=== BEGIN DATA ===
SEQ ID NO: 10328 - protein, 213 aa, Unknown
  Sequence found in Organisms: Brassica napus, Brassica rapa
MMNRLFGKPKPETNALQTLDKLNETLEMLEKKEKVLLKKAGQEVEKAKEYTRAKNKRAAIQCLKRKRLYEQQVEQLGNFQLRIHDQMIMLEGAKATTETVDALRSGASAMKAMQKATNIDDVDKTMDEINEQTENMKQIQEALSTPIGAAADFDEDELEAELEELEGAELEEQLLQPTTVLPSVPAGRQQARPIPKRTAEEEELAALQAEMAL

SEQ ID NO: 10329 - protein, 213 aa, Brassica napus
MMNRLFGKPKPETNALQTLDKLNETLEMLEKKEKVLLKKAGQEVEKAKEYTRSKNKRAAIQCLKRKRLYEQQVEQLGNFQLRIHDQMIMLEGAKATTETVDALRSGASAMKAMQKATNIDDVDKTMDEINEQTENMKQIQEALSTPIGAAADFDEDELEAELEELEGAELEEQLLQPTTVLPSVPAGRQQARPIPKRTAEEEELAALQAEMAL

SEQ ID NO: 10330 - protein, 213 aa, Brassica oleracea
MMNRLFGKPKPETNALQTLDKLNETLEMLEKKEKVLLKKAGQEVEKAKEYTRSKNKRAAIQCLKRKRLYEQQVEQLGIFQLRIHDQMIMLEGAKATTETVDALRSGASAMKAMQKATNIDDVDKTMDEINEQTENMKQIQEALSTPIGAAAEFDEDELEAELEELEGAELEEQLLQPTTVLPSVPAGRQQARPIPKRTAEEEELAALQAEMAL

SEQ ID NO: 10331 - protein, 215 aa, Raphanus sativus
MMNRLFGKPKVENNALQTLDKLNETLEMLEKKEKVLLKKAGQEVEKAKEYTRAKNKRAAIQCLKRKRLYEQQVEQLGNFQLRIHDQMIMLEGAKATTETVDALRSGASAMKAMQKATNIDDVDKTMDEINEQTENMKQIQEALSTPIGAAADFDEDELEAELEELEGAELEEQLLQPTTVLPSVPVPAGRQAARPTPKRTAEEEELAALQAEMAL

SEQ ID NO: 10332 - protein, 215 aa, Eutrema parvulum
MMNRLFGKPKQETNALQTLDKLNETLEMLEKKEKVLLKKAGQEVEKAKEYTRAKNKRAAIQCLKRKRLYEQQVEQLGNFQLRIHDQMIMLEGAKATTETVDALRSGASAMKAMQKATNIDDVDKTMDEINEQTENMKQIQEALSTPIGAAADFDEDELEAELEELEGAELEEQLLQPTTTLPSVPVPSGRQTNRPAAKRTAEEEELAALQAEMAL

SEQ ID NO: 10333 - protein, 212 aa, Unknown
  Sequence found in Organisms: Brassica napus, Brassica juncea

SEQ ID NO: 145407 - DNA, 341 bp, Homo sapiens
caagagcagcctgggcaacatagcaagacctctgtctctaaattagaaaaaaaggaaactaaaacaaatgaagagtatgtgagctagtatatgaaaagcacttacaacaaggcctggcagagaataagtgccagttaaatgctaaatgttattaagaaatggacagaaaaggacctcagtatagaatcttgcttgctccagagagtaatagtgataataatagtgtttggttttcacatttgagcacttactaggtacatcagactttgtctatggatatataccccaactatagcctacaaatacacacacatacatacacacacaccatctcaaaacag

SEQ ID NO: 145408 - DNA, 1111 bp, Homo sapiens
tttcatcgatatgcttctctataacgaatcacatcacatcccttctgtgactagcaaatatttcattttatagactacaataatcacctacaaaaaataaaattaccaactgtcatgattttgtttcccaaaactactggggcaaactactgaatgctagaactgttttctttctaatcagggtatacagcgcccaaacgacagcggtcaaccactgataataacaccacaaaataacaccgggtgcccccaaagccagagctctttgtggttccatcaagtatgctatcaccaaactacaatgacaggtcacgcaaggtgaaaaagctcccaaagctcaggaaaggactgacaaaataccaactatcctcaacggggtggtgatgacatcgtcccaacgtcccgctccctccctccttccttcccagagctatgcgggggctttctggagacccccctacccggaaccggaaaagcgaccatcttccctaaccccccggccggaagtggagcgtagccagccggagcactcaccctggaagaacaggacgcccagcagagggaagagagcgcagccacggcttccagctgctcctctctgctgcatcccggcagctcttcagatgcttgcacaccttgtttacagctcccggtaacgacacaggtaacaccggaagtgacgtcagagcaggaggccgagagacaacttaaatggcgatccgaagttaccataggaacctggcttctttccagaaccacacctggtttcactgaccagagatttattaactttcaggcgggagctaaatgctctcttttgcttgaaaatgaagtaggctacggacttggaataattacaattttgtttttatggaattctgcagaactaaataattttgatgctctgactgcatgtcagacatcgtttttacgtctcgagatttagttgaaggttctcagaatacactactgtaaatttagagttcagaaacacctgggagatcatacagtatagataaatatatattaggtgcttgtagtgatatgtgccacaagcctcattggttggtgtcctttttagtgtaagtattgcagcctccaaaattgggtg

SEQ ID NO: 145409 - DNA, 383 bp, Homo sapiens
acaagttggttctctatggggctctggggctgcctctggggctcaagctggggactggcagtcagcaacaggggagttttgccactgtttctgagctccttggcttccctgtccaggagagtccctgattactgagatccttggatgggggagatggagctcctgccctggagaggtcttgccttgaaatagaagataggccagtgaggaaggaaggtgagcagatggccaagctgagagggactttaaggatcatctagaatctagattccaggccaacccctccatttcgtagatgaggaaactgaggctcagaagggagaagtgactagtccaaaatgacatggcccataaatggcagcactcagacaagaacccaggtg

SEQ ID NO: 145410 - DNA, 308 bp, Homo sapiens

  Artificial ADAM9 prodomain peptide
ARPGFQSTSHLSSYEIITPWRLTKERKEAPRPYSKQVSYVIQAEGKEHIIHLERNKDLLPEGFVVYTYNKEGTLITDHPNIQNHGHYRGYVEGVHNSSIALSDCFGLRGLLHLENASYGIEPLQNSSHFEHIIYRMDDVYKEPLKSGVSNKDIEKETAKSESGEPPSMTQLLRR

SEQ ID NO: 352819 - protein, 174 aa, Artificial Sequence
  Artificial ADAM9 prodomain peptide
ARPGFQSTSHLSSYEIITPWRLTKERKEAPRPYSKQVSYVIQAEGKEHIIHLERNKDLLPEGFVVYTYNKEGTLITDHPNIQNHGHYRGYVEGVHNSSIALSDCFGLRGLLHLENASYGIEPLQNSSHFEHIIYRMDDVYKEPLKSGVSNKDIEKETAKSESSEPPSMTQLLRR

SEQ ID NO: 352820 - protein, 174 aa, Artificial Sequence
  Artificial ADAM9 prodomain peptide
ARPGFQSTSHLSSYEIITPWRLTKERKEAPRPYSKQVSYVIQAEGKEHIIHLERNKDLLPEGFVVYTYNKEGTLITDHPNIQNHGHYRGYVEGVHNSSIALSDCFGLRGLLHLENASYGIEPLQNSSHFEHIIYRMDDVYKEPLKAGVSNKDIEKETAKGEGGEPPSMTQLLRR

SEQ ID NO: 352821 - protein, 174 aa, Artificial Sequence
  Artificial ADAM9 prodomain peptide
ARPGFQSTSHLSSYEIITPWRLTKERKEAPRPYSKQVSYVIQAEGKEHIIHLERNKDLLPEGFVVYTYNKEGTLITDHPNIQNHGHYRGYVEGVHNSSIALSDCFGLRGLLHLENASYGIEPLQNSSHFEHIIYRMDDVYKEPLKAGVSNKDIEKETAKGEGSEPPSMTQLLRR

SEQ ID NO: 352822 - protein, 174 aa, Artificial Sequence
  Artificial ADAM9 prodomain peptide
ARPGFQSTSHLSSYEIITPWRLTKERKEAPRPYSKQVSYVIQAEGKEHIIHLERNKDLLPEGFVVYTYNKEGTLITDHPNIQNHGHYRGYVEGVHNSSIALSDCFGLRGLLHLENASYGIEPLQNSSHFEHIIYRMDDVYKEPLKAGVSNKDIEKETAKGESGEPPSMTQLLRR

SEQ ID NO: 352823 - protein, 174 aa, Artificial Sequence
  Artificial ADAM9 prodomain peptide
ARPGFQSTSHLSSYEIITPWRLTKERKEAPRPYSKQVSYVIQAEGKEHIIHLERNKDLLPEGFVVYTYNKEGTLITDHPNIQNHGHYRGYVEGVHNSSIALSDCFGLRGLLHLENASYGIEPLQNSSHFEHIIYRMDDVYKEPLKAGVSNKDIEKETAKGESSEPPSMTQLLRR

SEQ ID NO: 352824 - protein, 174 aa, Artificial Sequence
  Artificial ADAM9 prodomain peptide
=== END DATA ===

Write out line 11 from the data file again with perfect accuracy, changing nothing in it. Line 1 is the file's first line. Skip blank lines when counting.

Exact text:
MMNRLFGKPKQETNALQTLDKLNETLEMLEKKEKVLLKKAGQEVEKAKEYTRAKNKRAAIQCLKRKRLYEQQVEQLGNFQLRIHDQMIMLEGAKATTETVDALRSGASAMKAMQKATNIDDVDKTMDEINEQTENMKQIQEALSTPIGAAADFDEDELEAELEELEGAELEEQLLQPTTTLPSVPVPSGRQTNRPAAKRTAEEEELAALQAEMAL